The great promise of 3D printing combined with innovative 3D design (such as generative design) is to reduce parts and material waste while creating geometry that surpasses the capability of traditional subtractive machining.
The downside of using the technology for such applications has always been less material strength, due to 3D printing’s process of anatomically printing one layer at a time, like a giant pancake.
Addressing the complicated thermodynamics of jet engines, including material stress and very high temperatures, GE has steadily made progress and has produced several 3D-printed engine components with properties that pass muster for Federal Aviation Administration (FAA) certification.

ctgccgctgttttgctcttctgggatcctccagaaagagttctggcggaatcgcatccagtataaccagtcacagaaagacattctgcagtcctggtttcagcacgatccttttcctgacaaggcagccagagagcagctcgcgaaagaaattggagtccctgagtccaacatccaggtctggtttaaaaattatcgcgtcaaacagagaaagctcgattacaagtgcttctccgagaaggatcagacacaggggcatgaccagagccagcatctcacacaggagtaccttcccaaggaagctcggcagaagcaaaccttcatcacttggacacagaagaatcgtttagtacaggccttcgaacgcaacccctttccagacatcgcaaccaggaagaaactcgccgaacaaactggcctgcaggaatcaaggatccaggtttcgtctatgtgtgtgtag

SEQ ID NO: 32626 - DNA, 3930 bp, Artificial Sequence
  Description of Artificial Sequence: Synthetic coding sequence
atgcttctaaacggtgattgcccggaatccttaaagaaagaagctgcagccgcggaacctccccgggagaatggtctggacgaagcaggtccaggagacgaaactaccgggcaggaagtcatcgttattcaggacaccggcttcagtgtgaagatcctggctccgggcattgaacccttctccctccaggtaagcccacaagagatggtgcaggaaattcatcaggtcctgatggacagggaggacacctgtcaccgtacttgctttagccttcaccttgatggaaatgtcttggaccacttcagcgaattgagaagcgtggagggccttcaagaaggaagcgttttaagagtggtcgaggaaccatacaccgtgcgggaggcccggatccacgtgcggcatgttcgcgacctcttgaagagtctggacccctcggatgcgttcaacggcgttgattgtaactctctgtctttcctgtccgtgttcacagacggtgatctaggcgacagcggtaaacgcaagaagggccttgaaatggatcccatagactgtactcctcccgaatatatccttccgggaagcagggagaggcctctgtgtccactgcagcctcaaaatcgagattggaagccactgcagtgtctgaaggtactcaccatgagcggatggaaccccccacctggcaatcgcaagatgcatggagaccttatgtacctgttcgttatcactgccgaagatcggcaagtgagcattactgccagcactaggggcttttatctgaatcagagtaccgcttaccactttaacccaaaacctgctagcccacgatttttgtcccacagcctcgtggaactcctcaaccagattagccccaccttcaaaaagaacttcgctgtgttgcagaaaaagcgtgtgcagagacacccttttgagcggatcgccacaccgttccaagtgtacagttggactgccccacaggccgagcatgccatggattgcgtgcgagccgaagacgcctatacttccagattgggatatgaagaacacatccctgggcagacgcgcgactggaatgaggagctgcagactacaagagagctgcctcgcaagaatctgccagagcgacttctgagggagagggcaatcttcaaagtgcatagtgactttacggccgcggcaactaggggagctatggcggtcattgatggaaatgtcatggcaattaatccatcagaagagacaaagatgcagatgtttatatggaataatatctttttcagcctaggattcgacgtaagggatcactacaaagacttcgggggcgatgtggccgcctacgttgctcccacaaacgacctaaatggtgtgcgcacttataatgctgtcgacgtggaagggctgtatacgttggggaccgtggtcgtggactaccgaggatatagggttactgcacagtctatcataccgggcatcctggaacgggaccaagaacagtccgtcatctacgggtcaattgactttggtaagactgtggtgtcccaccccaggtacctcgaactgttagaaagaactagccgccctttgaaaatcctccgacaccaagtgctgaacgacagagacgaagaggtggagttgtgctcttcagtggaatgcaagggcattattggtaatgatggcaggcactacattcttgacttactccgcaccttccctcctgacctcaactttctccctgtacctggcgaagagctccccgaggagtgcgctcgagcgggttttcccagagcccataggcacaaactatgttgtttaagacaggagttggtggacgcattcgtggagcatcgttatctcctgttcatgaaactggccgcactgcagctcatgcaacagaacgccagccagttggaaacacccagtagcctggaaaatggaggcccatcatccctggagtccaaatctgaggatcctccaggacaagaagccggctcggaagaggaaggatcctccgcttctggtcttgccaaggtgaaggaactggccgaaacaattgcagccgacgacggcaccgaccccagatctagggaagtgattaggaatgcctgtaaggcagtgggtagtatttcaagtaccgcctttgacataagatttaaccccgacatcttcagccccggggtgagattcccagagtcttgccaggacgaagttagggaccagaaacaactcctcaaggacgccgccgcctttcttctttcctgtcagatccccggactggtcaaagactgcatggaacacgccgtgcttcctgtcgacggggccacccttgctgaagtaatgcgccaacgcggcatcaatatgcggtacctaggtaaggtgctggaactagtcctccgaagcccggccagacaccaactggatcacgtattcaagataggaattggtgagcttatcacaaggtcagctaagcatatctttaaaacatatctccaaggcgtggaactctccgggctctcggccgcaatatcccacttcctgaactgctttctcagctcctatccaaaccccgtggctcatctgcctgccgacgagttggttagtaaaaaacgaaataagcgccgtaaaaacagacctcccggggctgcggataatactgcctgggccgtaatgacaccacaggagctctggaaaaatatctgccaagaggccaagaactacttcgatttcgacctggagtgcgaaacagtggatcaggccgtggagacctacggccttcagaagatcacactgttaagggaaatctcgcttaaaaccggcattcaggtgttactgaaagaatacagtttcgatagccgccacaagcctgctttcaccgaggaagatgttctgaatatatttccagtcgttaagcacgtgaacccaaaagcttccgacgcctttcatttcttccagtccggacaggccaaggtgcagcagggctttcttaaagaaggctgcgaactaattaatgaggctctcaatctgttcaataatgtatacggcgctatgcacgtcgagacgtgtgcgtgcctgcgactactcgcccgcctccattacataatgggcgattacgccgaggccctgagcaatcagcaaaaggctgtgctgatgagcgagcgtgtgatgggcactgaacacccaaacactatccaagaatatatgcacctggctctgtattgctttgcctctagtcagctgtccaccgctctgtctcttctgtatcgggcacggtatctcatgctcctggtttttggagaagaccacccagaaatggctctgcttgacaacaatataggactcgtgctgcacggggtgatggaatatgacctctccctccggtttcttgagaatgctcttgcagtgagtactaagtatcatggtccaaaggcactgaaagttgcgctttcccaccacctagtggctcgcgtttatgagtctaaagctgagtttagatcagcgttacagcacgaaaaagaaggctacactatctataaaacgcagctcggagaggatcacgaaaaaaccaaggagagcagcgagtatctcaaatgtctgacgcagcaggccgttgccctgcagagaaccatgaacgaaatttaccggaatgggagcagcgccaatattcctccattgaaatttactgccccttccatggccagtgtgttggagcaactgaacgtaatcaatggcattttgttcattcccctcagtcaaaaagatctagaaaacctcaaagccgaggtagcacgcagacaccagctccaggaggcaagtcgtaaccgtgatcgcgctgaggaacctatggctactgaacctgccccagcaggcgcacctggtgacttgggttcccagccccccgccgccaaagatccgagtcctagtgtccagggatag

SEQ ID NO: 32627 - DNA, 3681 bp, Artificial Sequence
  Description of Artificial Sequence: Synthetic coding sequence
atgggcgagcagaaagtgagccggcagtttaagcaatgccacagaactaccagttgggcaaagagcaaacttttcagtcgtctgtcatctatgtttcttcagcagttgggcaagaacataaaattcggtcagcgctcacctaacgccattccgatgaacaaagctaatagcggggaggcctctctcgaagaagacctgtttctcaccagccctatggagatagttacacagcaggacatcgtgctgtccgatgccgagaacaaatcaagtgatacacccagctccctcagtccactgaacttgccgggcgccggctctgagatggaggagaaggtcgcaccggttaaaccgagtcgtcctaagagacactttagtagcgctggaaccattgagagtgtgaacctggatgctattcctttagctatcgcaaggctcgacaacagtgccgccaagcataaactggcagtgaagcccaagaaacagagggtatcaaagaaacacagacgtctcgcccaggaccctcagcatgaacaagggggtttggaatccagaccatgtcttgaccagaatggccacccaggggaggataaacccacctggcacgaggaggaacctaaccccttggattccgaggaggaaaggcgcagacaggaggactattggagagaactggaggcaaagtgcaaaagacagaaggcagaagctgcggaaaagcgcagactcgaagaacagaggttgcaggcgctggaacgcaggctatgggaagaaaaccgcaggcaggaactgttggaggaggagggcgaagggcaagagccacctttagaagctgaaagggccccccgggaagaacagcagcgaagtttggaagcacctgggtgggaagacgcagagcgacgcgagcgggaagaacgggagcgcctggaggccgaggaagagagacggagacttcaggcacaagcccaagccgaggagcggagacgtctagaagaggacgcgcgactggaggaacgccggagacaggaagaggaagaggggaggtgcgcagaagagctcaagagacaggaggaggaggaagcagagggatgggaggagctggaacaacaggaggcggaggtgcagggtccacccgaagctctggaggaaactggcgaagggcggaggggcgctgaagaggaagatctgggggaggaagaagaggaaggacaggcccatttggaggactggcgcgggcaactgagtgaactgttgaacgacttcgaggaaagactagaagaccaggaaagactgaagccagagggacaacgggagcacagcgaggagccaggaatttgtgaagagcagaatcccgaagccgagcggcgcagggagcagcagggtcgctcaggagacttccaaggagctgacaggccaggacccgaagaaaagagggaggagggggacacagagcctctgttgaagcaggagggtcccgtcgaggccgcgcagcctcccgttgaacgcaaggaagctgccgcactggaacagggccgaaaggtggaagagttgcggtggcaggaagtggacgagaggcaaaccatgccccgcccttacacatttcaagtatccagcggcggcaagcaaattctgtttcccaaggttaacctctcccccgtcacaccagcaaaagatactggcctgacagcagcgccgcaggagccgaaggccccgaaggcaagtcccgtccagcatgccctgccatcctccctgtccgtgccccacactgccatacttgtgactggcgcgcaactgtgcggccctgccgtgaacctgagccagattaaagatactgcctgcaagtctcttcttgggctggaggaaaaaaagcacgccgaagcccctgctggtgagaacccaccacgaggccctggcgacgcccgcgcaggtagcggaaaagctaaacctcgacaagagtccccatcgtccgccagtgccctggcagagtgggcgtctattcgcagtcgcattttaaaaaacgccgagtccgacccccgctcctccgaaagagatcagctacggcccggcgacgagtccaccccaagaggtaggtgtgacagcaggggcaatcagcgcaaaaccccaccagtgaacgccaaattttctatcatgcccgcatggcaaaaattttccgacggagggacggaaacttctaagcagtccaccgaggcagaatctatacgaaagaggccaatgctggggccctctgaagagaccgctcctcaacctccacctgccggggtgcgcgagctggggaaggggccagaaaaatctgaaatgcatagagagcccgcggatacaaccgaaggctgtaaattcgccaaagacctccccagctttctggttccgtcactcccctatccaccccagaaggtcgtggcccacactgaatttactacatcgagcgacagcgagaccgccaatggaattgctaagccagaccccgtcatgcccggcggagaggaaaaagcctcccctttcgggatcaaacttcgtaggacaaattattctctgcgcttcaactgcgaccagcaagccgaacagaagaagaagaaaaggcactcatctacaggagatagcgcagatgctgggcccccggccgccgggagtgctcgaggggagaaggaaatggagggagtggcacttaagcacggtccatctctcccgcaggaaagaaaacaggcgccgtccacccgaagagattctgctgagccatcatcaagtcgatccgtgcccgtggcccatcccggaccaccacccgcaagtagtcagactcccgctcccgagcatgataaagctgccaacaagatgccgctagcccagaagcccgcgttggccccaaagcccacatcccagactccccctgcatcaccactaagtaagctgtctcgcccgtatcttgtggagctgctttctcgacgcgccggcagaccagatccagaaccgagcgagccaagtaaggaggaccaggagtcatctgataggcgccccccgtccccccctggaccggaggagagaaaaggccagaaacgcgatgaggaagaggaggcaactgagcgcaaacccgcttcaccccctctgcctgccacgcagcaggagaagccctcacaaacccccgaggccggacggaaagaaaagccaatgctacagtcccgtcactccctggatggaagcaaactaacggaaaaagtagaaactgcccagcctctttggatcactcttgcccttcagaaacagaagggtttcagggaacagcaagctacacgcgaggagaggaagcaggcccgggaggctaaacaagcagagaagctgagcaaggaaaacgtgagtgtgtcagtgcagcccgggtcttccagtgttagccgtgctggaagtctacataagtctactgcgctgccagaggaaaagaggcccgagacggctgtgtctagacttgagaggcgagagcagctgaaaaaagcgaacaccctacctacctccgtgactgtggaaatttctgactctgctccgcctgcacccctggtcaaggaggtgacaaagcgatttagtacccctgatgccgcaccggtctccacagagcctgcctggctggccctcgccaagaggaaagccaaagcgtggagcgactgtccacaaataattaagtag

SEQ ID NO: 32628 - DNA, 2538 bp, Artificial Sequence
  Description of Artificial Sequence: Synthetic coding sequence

GE Aviation is working with the U.S. Air Force to cut production times and improve rates of fuel consumption by military aircraft.
GE has been 3D printing replacement parts for older aircraft whose components and parts are no longer in production. The cost savings from not having to reproduce dies, molds and tooling to build a small number of parts has been a triumph for the partnership.
GE’s Catalyst Engine
GE’s Catalyst engine, which was built using additive manufacturing for small commercial turboprop aircraft, was developed in 50 percent less time than it normally would have taken, and testing took only six months versus a year. Total parts were reduced from 855 to a whopping 12, and the assembly turned out to be 100 pounds lighter than a traditional engine build. Not only did this improve fuel efficiency, but maintenance and repair operations were also simplified.
GE also entered the U.S. Army’s Improved Turbine Engine Program (ITEP) competition and used similar methodology to develop a T901 engine.
Read more at ENGINEERING.com